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Lecture

Influence of nanomorphology, texture and crystallinity on the device efficiency of organic bulk heterojunction solar cells studied by energy-filtered transmission electron microscopy



The power conversion efficiency (PCE) of solution-processed bulk heterojunction (BHJ) solar cells has seen a dramatic increase in the last decades using new donor and acceptor materials as well as by the development of new processing conditions. By mixing an electron donor with an electron acceptor a certain nanomorphology of the two phases is evolving depending on the composite materials, the applied solvent and the post-processing conditions like solvent vapor (SVA) or thermal annealing (TA). While the crystallinity and texture of the donor/acceptor components determine the efficiency of exciton generation and mobility, the nanomorpholgy of the BHJ dictates the charge separation and transport properties. Therefore an in-depth understanding of the relationship between post-processing, morphology, crystallinity and device performance is of high importance to be able to further improve the device performance. Here we report on a high-efficiency photovoltaic system composed of a small molecule (DRCN5T) and a fullerene derivative (PC71BM) as electron acceptor. We investigated the influence of four different solvent vapor atmospheres on the nanomorphology, crystallinity, texture and efficiency of our organic solar cell system. We studied the nanomorpholgy evolution as a function of the solvent vapor atmosphere and the annealing time using energy-filtered transmission electron microscopy (EFTEM) imaging techniques. Thereby, we figured out that the choice of the solvent for SVA and especially its donor solubility has a high impact on the evolving nanomorpholgy and the speed of phase separation and crystal growth. The crystallinity and texture of the annealed and as-casted samples was investigated by energy-filtered electron diffraction (EF-ED) measurements where an energy selecting slit was positioned around the zero-loss peak in order to enhance the contrast of elastic scattering and Bragg diffraction. The crystallinity was further studied by aquiring high resolution TEM (HRTEM) images which show nicely the orientation and size of single DRCN5T crystallites. The nanomorpholgy and crystallinity were then further correlated to the device performance. Currently we are performing in situ EF-ED studies on the dose dependency of the electron beam on the deterioration behaviour of the small molecule crystallites. By that we can adjust a dose condition that is well suited to study beam sensitive organic crystals by lowering the beam damage of electron beam irradiation.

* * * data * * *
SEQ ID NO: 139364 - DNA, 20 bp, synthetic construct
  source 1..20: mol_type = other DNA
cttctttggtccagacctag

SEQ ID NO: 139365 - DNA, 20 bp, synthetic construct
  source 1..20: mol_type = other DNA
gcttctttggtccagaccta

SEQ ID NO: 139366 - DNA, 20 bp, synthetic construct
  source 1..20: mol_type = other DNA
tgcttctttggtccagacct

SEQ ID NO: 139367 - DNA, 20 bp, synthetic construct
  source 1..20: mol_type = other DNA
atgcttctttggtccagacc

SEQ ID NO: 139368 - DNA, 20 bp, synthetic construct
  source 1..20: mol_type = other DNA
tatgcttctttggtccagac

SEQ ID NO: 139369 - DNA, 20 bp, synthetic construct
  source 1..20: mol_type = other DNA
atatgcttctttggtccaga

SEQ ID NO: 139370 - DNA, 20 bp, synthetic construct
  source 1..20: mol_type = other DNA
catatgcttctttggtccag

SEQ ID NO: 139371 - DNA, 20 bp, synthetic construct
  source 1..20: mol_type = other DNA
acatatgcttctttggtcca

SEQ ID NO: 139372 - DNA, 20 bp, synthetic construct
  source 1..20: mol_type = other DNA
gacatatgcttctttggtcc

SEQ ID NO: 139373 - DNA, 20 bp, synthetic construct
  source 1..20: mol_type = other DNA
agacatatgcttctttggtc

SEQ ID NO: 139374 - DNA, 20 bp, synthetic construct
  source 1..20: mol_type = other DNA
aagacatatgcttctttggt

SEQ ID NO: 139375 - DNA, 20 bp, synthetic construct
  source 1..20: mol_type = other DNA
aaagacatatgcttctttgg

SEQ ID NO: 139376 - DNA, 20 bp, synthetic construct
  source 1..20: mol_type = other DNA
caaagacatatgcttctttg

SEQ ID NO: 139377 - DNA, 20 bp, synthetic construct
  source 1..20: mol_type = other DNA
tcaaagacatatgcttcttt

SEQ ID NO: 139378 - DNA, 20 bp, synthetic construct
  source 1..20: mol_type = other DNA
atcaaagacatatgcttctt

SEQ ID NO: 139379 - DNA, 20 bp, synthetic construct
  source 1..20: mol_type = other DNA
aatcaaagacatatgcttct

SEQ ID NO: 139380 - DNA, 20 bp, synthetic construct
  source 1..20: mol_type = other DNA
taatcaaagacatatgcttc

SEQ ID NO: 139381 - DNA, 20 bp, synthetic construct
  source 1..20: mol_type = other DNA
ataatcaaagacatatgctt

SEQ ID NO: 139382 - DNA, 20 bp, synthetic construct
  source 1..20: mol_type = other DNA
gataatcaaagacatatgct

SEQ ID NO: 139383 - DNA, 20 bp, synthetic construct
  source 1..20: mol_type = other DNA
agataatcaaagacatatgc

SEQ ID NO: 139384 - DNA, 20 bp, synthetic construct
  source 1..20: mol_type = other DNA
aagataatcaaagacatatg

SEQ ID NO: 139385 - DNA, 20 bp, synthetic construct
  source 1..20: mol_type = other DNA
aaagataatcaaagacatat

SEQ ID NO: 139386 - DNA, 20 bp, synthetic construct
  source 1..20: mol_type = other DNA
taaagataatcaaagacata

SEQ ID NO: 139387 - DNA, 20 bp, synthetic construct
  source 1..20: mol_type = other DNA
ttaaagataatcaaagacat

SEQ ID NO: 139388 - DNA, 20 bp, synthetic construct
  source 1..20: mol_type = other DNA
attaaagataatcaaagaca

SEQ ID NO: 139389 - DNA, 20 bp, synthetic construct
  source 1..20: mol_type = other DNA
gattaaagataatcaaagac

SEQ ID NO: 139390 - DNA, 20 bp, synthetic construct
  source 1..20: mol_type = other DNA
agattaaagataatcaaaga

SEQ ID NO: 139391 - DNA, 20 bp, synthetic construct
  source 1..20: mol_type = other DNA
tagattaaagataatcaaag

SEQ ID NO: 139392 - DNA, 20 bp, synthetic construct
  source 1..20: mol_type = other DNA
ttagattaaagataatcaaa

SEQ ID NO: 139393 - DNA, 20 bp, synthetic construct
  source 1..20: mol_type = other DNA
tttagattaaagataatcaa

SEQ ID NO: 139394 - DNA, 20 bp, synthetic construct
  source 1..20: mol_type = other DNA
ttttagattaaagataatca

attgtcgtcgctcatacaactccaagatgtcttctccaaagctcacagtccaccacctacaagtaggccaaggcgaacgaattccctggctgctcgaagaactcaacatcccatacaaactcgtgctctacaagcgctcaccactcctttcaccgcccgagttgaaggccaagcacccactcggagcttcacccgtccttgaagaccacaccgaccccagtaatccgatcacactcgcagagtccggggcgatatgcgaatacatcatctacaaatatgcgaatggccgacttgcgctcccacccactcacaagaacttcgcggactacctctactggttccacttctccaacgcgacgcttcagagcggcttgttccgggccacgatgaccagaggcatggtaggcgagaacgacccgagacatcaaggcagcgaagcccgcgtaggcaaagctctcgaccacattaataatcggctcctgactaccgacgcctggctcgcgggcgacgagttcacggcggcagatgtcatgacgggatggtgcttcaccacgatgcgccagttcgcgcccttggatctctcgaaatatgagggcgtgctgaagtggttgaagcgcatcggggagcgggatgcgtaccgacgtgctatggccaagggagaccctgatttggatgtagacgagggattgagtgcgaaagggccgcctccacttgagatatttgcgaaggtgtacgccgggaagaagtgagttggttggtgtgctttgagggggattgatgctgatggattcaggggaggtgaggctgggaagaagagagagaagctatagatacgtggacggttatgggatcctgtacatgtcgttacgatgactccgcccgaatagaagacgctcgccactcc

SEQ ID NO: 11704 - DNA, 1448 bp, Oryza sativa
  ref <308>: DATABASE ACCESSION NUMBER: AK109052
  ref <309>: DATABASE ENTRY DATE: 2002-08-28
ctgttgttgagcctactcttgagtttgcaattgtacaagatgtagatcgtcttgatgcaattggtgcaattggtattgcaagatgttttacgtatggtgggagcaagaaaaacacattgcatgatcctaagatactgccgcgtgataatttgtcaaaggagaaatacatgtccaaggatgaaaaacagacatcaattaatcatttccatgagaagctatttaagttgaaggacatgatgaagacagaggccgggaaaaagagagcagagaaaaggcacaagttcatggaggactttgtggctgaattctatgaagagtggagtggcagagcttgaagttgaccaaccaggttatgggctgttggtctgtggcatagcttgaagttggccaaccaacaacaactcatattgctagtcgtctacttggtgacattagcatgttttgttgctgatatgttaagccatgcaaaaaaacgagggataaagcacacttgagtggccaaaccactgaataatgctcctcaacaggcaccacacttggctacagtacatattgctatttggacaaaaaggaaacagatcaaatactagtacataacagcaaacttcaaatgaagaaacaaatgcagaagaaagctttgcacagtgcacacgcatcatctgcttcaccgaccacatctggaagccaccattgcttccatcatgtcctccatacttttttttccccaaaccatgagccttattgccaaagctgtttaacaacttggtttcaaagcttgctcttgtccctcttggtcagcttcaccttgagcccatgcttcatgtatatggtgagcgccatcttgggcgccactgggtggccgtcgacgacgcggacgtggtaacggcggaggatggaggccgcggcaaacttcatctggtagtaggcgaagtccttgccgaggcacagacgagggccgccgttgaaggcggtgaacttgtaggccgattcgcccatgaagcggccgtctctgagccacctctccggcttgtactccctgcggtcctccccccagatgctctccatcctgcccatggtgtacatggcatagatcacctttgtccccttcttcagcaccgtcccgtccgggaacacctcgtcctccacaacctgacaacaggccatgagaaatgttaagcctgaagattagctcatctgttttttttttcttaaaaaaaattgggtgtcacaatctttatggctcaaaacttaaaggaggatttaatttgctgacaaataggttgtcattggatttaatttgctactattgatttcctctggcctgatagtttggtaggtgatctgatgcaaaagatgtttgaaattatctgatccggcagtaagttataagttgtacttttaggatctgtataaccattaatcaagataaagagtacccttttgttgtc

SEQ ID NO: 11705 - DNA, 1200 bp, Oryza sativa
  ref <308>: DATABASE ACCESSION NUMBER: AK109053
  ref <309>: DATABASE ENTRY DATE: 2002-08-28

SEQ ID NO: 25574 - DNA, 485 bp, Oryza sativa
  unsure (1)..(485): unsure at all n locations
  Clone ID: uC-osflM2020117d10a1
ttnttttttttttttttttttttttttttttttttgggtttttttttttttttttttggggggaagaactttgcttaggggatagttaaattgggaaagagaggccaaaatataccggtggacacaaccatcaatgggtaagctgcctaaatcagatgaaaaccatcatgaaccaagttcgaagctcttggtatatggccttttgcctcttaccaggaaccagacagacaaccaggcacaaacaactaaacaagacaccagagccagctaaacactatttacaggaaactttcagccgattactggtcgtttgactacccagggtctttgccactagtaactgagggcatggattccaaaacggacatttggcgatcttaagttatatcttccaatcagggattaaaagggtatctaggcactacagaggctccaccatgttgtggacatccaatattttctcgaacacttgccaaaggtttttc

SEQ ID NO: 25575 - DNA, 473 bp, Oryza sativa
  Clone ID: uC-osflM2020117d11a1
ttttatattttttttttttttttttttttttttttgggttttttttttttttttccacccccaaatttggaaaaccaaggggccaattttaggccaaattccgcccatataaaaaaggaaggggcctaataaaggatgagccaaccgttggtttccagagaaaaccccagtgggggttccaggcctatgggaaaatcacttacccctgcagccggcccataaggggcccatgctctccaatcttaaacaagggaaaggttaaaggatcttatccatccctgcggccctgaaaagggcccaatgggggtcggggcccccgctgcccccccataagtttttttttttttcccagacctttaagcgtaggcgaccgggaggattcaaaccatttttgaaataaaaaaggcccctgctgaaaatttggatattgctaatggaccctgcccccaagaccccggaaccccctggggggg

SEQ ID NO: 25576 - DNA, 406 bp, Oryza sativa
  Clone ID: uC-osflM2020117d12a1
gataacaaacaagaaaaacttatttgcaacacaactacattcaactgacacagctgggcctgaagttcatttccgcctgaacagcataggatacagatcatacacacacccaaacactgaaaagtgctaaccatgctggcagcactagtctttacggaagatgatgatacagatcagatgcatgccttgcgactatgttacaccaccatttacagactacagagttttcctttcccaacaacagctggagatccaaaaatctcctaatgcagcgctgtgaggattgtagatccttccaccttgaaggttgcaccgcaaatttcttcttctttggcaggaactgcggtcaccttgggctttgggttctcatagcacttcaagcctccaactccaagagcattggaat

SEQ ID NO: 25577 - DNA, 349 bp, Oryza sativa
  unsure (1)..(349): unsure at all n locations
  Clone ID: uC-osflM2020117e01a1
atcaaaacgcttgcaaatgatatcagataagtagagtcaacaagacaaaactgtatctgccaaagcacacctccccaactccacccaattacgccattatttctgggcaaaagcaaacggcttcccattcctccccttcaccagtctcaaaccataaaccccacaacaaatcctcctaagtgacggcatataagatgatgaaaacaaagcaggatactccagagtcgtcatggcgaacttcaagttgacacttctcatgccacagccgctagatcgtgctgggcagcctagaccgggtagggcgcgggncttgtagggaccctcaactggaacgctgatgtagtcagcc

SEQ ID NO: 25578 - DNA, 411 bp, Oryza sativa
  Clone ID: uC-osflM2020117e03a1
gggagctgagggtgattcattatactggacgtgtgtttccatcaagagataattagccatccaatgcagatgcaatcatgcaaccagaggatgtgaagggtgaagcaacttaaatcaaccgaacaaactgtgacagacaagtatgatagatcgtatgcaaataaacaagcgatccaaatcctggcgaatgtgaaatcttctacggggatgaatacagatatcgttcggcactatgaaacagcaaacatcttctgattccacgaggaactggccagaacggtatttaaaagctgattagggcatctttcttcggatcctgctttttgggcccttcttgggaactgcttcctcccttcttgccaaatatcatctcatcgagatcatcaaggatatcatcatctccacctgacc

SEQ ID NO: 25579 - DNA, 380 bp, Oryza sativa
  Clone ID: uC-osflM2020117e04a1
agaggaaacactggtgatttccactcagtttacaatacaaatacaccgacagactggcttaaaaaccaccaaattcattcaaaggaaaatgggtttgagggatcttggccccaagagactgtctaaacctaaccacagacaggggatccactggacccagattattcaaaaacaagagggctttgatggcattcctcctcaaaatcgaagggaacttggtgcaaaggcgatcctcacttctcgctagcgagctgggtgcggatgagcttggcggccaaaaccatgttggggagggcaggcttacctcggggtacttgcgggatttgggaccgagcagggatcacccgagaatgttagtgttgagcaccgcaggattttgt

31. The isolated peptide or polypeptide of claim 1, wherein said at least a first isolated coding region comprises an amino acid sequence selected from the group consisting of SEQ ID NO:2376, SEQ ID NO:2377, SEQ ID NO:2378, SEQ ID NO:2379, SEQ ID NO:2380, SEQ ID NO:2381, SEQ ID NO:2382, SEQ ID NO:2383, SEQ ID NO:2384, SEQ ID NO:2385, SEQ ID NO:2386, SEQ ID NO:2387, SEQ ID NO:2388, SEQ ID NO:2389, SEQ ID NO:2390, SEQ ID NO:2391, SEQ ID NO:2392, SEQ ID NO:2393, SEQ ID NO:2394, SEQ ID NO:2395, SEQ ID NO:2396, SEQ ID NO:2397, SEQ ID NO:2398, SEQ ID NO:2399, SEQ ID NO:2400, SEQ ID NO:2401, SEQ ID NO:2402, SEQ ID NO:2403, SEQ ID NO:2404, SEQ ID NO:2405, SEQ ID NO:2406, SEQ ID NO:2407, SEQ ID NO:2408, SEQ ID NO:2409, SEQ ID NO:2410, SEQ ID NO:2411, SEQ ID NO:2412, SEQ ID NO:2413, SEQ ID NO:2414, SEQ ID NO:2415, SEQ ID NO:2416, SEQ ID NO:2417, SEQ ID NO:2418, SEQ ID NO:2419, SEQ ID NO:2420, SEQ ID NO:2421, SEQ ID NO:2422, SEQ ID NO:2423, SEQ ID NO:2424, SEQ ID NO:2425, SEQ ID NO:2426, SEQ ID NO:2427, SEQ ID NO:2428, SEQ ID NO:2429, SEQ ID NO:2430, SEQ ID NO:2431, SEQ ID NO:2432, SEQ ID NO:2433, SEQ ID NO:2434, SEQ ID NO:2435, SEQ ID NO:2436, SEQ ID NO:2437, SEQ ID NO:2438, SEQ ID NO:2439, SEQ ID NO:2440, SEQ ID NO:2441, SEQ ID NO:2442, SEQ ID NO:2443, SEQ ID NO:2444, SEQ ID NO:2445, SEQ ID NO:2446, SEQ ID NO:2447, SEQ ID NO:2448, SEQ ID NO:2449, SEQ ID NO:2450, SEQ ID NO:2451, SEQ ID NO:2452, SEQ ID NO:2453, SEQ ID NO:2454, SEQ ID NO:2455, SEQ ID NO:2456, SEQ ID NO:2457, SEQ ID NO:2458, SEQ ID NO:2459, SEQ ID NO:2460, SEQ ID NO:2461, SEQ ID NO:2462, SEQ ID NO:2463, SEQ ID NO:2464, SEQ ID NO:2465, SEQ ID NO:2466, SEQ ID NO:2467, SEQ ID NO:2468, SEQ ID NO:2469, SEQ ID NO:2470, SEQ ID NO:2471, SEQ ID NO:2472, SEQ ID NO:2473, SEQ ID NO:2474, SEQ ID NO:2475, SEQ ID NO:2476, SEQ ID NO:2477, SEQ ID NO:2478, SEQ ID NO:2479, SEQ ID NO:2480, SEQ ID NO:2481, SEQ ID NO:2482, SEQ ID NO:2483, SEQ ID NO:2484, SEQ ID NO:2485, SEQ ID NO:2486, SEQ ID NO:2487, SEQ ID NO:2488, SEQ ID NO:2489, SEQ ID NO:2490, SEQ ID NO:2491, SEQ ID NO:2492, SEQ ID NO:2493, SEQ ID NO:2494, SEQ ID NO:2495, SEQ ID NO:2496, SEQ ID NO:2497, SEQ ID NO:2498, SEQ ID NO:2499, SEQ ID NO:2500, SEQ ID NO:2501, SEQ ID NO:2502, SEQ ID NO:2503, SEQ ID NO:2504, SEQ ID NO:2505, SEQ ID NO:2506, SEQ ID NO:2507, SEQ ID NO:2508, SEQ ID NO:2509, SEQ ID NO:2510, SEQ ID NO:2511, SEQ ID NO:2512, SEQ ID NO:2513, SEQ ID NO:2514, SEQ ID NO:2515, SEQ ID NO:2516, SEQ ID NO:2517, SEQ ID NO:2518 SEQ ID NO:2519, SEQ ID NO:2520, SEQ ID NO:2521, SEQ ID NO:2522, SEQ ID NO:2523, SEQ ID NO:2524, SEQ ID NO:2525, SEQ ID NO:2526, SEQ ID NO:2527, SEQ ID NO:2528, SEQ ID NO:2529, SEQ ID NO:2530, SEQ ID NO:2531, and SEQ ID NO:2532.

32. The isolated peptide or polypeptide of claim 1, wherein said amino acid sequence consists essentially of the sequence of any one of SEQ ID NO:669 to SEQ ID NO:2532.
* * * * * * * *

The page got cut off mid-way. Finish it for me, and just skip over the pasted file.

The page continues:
Speaker:
Christina Harreiß
Friedrich-Alexander-Universität Erlangen-Nürnberg (FAU)
Additional Authors:
  • Stefan Langner
    Friedrich-Alexander-Universität Erlangen-Nürnberg (FAU)
  • Dr. Mingjian Wu
    Friedrich-Alexander-Universität Erlangen-Nürnberg (FAU)
  • Dr. Stefanie Rechberger
    Friedrich-Alexander-Universität Erlangen-Nürnberg (FAU)
  • Dr. Johannes Will
    Friedrich-Alexander-Universität Erlangen-Nürnberg (FAU)
  • Prof. Christoph J. Brabec
    Friedrich-Alexander-Universität Erlangen-Nürnberg (FAU)
  • Prof. Erdmann Spiecker
    Friedrich-Alexander-Universität Erlangen-Nürnberg (FAU)

Dateien

Category Short file description File description File Size
Extended Abstract EFTEM elemental maps of carbon for different solvent vapor atmospheres (CHCl3, THF, CS2 and C3H6O2) and various annealing times. Dark areas correspond to sulfur-rich domains and brigth areas comprise carbon-rich domains. 2 MB Download